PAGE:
John Whittingdale (Conservative): ...If one looks for empirical, hard, factual evidence that viewing a particular video or playing a video game has led someone to go out and commit a crime such as a rape or an act of violence, there is very little. Our view was therefore... that we should act on the probability of risk. Where there is a probable risk that someone would be influenced by exposure to such material, that is sufficient cause for intervention...

Tanya Byron did a great deal of work on that. Her other conclusion, which was shared strongly by the Committee, was that we cannot completely insulate children from material that might pose a risk. Part of educating children involves teaching them how to deal with risks. If we insulate them to the extent that they never encounter risks, they will not know how to deal with them...

Providers such as Microsoft told us about the parental controls that they have installed into products such as the Xbox... We were impressed by the commitment that almost every major industry body, including internet service providers, social networking sites and hardware manufacturers, has shown regarding the protection of young people, but there is no commonality...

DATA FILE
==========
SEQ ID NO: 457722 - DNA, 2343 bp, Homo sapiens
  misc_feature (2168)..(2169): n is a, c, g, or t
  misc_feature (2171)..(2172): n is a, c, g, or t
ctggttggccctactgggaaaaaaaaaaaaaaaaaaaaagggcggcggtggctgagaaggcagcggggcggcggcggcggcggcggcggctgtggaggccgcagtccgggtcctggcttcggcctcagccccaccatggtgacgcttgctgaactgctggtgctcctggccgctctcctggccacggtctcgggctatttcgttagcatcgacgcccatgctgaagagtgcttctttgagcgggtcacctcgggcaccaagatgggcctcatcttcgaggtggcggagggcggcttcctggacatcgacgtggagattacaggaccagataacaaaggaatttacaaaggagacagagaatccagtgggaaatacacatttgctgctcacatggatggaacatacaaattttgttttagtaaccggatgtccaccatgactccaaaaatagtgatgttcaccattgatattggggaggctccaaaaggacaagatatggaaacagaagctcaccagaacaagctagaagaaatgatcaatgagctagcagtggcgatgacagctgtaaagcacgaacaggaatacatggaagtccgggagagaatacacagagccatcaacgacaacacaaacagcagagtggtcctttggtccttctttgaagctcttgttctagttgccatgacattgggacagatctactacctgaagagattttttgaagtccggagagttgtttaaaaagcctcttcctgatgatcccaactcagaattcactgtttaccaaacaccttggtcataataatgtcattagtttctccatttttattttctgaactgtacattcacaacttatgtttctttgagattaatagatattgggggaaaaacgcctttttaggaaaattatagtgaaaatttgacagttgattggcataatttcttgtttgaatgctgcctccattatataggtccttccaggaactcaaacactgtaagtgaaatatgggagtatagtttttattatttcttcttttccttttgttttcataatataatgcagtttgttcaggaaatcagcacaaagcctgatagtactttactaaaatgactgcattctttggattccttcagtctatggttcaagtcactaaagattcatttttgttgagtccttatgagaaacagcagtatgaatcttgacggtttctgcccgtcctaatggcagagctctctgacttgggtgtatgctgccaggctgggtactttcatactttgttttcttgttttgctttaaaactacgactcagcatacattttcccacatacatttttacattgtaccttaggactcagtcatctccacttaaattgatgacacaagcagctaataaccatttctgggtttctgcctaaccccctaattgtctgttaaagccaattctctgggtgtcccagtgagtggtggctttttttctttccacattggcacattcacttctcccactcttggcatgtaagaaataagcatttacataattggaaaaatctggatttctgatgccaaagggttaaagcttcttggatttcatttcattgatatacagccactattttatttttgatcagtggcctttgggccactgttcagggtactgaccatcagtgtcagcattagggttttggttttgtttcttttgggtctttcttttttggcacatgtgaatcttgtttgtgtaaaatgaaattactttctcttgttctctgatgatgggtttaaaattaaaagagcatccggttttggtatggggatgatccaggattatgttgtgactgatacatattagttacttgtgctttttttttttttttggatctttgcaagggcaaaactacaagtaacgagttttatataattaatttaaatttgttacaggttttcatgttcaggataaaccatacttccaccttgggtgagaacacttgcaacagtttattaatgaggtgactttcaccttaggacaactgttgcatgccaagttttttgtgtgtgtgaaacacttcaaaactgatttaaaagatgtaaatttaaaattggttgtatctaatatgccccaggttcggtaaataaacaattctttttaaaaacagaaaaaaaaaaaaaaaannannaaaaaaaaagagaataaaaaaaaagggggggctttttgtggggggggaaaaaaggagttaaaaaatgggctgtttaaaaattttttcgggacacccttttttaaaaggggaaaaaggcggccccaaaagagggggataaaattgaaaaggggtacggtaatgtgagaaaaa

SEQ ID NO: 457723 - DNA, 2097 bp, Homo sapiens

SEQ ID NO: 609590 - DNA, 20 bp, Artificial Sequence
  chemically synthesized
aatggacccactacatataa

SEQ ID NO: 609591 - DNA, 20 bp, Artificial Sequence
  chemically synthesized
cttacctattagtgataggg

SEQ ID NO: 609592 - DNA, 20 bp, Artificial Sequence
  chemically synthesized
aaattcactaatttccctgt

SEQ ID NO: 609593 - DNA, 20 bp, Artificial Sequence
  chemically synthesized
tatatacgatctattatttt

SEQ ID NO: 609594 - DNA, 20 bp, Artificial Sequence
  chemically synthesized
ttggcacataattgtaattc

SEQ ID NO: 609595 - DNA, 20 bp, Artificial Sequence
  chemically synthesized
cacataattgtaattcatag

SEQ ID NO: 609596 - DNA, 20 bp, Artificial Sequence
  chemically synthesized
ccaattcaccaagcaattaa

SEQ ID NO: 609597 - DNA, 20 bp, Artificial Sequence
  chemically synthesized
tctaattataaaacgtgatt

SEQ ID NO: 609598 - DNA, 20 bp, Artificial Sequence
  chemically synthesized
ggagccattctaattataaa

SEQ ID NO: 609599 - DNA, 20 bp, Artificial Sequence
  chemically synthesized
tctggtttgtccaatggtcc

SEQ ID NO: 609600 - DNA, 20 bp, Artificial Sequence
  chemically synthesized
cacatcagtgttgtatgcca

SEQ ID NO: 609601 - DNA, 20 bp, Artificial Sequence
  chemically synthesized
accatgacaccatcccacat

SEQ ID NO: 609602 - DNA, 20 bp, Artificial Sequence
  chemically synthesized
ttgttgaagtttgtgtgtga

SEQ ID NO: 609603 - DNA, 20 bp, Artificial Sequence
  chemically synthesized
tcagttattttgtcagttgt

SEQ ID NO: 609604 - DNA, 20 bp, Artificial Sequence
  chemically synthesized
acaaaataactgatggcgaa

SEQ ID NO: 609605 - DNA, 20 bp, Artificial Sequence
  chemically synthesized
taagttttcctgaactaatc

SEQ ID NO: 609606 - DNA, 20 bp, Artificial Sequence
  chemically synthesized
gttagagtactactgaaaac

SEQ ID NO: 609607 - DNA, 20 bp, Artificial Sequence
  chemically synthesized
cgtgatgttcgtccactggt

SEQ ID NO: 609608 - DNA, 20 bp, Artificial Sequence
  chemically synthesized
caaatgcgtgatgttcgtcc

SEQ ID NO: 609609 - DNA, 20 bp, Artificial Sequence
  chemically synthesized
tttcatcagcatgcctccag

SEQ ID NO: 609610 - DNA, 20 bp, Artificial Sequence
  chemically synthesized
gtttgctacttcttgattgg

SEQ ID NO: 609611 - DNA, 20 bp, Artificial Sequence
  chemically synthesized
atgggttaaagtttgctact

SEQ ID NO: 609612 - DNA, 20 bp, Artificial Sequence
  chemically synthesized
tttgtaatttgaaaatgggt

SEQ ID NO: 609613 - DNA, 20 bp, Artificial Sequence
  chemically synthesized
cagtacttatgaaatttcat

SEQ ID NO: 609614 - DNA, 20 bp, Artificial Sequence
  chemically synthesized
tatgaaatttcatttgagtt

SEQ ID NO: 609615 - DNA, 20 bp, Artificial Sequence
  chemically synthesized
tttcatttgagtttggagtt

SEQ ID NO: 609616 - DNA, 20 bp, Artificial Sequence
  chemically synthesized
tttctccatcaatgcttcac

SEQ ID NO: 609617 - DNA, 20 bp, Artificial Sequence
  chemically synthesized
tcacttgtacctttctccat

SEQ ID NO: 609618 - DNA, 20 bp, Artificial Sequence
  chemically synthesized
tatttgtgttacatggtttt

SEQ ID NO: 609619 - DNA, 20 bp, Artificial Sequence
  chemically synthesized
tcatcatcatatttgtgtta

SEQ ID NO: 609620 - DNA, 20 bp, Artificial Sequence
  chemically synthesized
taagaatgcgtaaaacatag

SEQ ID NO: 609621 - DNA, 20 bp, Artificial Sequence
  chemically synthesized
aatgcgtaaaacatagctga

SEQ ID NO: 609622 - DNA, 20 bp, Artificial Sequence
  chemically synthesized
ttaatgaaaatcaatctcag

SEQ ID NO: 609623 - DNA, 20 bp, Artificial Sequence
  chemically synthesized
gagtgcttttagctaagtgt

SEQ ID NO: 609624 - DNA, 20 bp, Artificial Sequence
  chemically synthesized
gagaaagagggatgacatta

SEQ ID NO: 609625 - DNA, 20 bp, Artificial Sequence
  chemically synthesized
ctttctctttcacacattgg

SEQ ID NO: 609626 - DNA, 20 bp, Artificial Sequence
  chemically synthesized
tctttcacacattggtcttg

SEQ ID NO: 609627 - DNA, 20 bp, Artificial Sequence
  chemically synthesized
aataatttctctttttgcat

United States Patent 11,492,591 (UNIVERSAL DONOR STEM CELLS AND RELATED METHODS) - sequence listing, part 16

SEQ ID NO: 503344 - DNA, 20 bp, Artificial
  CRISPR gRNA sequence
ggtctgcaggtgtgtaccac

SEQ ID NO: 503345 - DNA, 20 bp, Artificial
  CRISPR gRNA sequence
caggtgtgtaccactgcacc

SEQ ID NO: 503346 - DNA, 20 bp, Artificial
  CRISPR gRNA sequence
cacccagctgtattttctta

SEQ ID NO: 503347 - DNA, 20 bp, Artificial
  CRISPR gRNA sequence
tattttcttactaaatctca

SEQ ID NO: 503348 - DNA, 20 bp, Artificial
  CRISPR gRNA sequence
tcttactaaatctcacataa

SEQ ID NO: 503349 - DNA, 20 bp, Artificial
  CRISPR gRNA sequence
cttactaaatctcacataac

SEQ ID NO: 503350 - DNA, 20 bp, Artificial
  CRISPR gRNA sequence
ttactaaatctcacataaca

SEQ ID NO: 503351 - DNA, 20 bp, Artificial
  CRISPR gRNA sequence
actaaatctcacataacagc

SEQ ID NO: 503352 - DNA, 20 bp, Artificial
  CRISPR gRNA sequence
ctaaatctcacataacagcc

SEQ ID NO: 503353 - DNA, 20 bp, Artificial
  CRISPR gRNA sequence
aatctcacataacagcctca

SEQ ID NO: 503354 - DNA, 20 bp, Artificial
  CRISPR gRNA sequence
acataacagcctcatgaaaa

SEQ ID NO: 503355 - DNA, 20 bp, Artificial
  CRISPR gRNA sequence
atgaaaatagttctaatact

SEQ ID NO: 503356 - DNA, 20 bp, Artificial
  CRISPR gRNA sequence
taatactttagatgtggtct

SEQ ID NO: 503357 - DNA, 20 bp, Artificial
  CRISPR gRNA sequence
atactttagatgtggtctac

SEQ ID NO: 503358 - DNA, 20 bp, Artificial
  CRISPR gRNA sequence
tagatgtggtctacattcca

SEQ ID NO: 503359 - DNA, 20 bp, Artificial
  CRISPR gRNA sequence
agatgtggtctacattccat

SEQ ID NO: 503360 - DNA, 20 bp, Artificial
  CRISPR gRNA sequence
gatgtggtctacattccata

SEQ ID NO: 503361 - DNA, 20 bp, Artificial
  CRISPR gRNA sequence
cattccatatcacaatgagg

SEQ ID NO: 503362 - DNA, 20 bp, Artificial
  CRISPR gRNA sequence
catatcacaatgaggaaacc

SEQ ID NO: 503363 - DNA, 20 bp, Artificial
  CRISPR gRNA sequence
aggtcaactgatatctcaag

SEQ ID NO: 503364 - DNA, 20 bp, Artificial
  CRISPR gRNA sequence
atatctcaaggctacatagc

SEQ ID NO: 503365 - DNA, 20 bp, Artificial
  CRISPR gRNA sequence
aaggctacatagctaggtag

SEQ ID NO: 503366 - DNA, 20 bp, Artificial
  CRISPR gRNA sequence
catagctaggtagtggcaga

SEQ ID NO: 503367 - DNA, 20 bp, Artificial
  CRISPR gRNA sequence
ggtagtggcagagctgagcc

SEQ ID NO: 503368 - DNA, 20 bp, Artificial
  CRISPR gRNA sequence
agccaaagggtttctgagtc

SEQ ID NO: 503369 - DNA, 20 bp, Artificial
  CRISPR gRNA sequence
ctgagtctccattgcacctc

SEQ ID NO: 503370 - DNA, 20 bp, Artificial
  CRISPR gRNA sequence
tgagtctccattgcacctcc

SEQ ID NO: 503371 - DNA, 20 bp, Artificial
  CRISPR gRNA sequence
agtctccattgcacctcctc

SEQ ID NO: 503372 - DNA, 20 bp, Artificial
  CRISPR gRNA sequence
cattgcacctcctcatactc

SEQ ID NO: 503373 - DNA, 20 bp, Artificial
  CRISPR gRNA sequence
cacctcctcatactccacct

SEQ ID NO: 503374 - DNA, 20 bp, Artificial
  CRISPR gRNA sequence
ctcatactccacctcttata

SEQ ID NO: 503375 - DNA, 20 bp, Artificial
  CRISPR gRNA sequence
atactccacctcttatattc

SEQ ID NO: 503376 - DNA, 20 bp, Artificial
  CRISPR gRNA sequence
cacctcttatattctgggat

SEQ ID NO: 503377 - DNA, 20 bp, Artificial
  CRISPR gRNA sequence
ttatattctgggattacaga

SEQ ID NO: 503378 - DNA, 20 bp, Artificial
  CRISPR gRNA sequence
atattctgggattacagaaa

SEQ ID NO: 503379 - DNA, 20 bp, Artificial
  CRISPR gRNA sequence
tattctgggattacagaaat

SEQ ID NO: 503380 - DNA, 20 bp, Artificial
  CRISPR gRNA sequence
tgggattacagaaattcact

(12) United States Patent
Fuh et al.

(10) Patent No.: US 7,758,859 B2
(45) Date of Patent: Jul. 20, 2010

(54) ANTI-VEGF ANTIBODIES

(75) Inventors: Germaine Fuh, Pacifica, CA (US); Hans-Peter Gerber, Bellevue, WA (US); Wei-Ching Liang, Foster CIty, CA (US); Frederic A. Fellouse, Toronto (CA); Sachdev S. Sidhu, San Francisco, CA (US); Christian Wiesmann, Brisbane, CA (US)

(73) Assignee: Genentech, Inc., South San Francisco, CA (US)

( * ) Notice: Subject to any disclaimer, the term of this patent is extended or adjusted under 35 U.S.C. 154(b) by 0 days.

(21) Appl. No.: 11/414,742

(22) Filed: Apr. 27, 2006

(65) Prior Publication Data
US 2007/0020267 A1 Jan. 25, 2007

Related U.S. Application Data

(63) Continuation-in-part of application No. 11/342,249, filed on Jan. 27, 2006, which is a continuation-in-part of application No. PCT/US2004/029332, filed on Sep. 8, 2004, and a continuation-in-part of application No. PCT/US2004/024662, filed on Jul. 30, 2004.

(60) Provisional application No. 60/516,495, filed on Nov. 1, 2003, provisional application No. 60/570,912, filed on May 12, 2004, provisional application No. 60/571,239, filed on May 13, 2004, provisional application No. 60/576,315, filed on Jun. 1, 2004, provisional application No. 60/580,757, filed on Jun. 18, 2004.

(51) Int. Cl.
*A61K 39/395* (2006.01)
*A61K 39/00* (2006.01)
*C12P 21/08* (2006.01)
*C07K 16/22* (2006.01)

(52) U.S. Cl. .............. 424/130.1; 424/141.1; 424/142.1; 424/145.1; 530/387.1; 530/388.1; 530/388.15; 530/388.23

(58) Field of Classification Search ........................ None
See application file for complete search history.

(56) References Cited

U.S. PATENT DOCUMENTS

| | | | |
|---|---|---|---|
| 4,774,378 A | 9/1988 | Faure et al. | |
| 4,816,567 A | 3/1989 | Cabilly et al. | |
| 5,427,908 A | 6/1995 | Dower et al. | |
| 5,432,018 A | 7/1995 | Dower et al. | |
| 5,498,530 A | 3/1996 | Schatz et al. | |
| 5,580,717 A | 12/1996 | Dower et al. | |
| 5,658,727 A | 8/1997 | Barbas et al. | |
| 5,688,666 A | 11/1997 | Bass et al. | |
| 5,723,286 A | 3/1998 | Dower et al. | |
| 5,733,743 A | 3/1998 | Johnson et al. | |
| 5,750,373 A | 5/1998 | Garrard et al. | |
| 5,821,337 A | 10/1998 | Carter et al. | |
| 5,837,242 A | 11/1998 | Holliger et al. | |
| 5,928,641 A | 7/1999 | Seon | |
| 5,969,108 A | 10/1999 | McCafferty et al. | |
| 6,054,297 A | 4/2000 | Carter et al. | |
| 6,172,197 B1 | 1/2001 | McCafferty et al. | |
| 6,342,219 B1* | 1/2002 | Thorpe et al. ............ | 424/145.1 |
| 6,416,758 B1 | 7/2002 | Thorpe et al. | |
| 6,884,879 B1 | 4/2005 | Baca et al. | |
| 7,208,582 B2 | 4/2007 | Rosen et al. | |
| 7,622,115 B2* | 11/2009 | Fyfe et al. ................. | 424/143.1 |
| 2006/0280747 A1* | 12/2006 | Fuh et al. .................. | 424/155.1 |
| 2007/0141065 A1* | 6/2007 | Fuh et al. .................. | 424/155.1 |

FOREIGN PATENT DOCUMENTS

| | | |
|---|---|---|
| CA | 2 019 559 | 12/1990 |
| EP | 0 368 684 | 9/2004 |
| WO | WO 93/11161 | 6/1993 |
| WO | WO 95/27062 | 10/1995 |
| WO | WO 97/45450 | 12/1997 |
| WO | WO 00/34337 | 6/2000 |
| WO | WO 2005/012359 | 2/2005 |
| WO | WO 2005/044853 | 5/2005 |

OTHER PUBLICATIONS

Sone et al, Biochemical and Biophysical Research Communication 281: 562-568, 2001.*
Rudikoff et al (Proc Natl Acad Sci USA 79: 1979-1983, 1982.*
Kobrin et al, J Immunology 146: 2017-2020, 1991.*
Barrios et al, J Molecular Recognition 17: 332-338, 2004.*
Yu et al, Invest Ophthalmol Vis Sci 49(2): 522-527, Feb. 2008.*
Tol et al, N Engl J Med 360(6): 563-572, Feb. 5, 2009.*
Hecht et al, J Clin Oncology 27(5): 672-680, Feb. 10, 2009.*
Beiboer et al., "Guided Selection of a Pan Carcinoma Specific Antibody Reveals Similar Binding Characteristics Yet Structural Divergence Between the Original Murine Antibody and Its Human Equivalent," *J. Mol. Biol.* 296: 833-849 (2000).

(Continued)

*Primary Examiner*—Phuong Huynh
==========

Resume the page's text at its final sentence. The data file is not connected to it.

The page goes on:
I want to talk about video games in the final part of my remarks. I know that Keith Vaz... has several concerns about this issue, so he has arrived [late] at just the right moment.

Part of the problem with video games... is that there is no hard evidence to prove that playing a game will lead someone to go out and commit a crime or physical attack. Nevertheless, we agree that there is a probability that it could occur, and there is anecdotal evidence to support that view. The Video Recordings Act 1984 provided that games should be classified, that it is necessary to restrict certain games to people over a certain age... and that there would be games that should be banned entirely. That system has been generally successful since then, although there is often controversy about individual games...